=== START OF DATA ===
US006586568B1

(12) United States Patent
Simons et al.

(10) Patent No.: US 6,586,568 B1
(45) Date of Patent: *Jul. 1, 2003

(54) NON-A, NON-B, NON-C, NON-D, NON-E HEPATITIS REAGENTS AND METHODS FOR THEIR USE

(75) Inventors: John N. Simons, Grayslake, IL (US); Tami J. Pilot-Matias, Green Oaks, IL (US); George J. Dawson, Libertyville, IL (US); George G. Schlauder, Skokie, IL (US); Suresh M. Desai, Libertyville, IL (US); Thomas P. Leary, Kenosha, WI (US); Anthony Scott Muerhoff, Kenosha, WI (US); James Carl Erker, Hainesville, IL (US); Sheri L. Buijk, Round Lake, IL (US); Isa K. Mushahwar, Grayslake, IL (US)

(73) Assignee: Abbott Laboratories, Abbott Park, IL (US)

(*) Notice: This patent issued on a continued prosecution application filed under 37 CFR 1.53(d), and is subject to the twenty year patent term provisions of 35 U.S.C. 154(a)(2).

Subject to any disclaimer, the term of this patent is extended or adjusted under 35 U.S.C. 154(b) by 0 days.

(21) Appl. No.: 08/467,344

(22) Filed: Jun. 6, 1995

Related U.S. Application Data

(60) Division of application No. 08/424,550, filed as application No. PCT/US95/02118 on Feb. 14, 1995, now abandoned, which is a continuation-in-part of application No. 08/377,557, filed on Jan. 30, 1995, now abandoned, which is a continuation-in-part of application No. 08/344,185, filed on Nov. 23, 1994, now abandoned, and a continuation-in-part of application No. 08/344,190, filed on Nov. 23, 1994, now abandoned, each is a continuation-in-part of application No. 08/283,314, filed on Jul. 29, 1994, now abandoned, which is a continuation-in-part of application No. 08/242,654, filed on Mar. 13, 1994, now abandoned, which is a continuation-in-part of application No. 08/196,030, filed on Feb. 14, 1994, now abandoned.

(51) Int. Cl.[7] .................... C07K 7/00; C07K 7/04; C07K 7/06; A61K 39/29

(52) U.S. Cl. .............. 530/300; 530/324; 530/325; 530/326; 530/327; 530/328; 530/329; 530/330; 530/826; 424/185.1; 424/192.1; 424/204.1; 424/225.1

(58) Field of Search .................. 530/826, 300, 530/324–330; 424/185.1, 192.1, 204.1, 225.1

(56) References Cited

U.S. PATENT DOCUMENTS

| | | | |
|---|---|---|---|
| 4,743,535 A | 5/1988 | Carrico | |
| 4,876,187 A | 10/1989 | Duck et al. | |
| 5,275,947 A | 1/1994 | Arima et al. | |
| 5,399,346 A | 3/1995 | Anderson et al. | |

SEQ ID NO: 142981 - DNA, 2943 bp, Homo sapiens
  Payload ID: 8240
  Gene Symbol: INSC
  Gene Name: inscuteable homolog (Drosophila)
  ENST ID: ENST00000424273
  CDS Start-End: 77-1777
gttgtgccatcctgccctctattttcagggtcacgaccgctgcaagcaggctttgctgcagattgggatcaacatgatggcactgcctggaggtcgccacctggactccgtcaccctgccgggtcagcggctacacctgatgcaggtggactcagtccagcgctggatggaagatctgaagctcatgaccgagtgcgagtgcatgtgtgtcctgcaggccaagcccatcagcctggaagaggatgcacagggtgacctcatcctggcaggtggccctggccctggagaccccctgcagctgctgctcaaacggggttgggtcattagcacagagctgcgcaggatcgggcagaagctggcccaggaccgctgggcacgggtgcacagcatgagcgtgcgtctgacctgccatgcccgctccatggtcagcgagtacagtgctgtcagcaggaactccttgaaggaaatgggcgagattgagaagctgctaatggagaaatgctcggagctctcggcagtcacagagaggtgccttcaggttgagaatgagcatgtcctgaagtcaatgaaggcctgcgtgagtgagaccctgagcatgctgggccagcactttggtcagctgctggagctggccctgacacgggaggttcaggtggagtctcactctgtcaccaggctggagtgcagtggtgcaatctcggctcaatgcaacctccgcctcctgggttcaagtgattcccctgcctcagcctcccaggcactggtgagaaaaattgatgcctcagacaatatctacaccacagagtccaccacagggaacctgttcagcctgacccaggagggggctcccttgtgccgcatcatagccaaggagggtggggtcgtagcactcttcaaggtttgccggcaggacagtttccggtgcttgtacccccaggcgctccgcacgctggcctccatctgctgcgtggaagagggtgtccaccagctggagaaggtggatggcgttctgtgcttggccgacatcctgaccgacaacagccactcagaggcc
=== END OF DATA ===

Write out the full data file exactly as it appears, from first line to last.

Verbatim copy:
US006586568B1

(12) United States Patent
Simons et al.

(10) Patent No.: US 6,586,568 B1
(45) Date of Patent: *Jul. 1, 2003

(54) NON-A, NON-B, NON-C, NON-D, NON-E HEPATITIS REAGENTS AND METHODS FOR THEIR USE

(75) Inventors: John N. Simons, Grayslake, IL (US); Tami J. Pilot-Matias, Green Oaks, IL (US); George J. Dawson, Libertyville, IL (US); George G. Schlauder, Skokie, IL (US); Suresh M. Desai, Libertyville, IL (US); Thomas P. Leary, Kenosha, WI (US); Anthony Scott Muerhoff, Kenosha, WI (US); James Carl Erker, Hainesville, IL (US); Sheri L. Buijk, Round Lake, IL (US); Isa K. Mushahwar, Grayslake, IL (US)

(73) Assignee: Abbott Laboratories, Abbott Park, IL (US)

(*) Notice: This patent issued on a continued prosecution application filed under 37 CFR 1.53(d), and is subject to the twenty year patent term provisions of 35 U.S.C. 154(a)(2).

Subject to any disclaimer, the term of this patent is extended or adjusted under 35 U.S.C. 154(b) by 0 days.

(21) Appl. No.: 08/467,344

(22) Filed: Jun. 6, 1995

Related U.S. Application Data

(60) Division of application No. 08/424,550, filed as application No. PCT/US95/02118 on Feb. 14, 1995, now abandoned, which is a continuation-in-part of application No. 08/377,557, filed on Jan. 30, 1995, now abandoned, which is a continuation-in-part of application No. 08/344,185, filed on Nov. 23, 1994, now abandoned, and a continuation-in-part of application No. 08/344,190, filed on Nov. 23, 1994, now abandoned, each is a continuation-in-part of application No. 08/283,314, filed on Jul. 29, 1994, now abandoned, which is a continuation-in-part of application No. 08/242,654, filed on Mar. 13, 1994, now abandoned, which is a continuation-in-part of application No. 08/196,030, filed on Feb. 14, 1994, now abandoned.

(51) Int. Cl.[7] .................... C07K 7/00; C07K 7/04; C07K 7/06; A61K 39/29

(52) U.S. Cl. .............. 530/300; 530/324; 530/325; 530/326; 530/327; 530/328; 530/329; 530/330; 530/826; 424/185.1; 424/192.1; 424/204.1; 424/225.1

(58) Field of Search .................. 530/826, 300, 530/324–330; 424/185.1, 192.1, 204.1, 225.1

(56) References Cited

U.S. PATENT DOCUMENTS

| | | | |
|---|---|---|---|
| 4,743,535 A | 5/1988 | Carrico | |
| 4,876,187 A | 10/1989 | Duck et al. | |
| 5,275,947 A | 1/1994 | Arima et al. | |
| 5,399,346 A | 3/1995 | Anderson et al. | |

SEQ ID NO: 142981 - DNA, 2943 bp, Homo sapiens
  Payload ID: 8240
  Gene Symbol: INSC
  Gene Name: inscuteable homolog (Drosophila)
  ENST ID: ENST00000424273
  CDS Start-End: 77-1777
gttgtgccatcctgccctctattttcagggtcacgaccgctgcaagcaggctttgctgcagattgggatcaacatgatggcactgcctggaggtcgccacctggactccgtcaccctgccgggtcagcggctacacctgatgcaggtggactcagtccagcgctggatggaagatctgaagctcatgaccgagtgcgagtgcatgtgtgtcctgcaggccaagcccatcagcctggaagaggatgcacagggtgacctcatcctggcaggtggccctggccctggagaccccctgcagctgctgctcaaacggggttgggtcattagcacagagctgcgcaggatcgggcagaagctggcccaggaccgctgggcacgggtgcacagcatgagcgtgcgtctgacctgccatgcccgctccatggtcagcgagtacagtgctgtcagcaggaactccttgaaggaaatgggcgagattgagaagctgctaatggagaaatgctcggagctctcggcagtcacagagaggtgccttcaggttgagaatgagcatgtcctgaagtcaatgaaggcctgcgtgagtgagaccctgagcatgctgggccagcactttggtcagctgctggagctggccctgacacgggaggttcaggtggagtctcactctgtcaccaggctggagtgcagtggtgcaatctcggctcaatgcaacctccgcctcctgggttcaagtgattcccctgcctcagcctcccaggcactggtgagaaaaattgatgcctcagacaatatctacaccacagagtccaccacagggaacctgttcagcctgacccaggagggggctcccttgtgccgcatcatagccaaggagggtggggtcgtagcactcttcaaggtttgccggcaggacagtttccggtgcttgtacccccaggcgctccgcacgctggcctccatctgctgcgtggaagagggtgtccaccagctggagaaggtggatggcgttctgtgcttggccgacatcctgaccgacaacagccactcagaggcc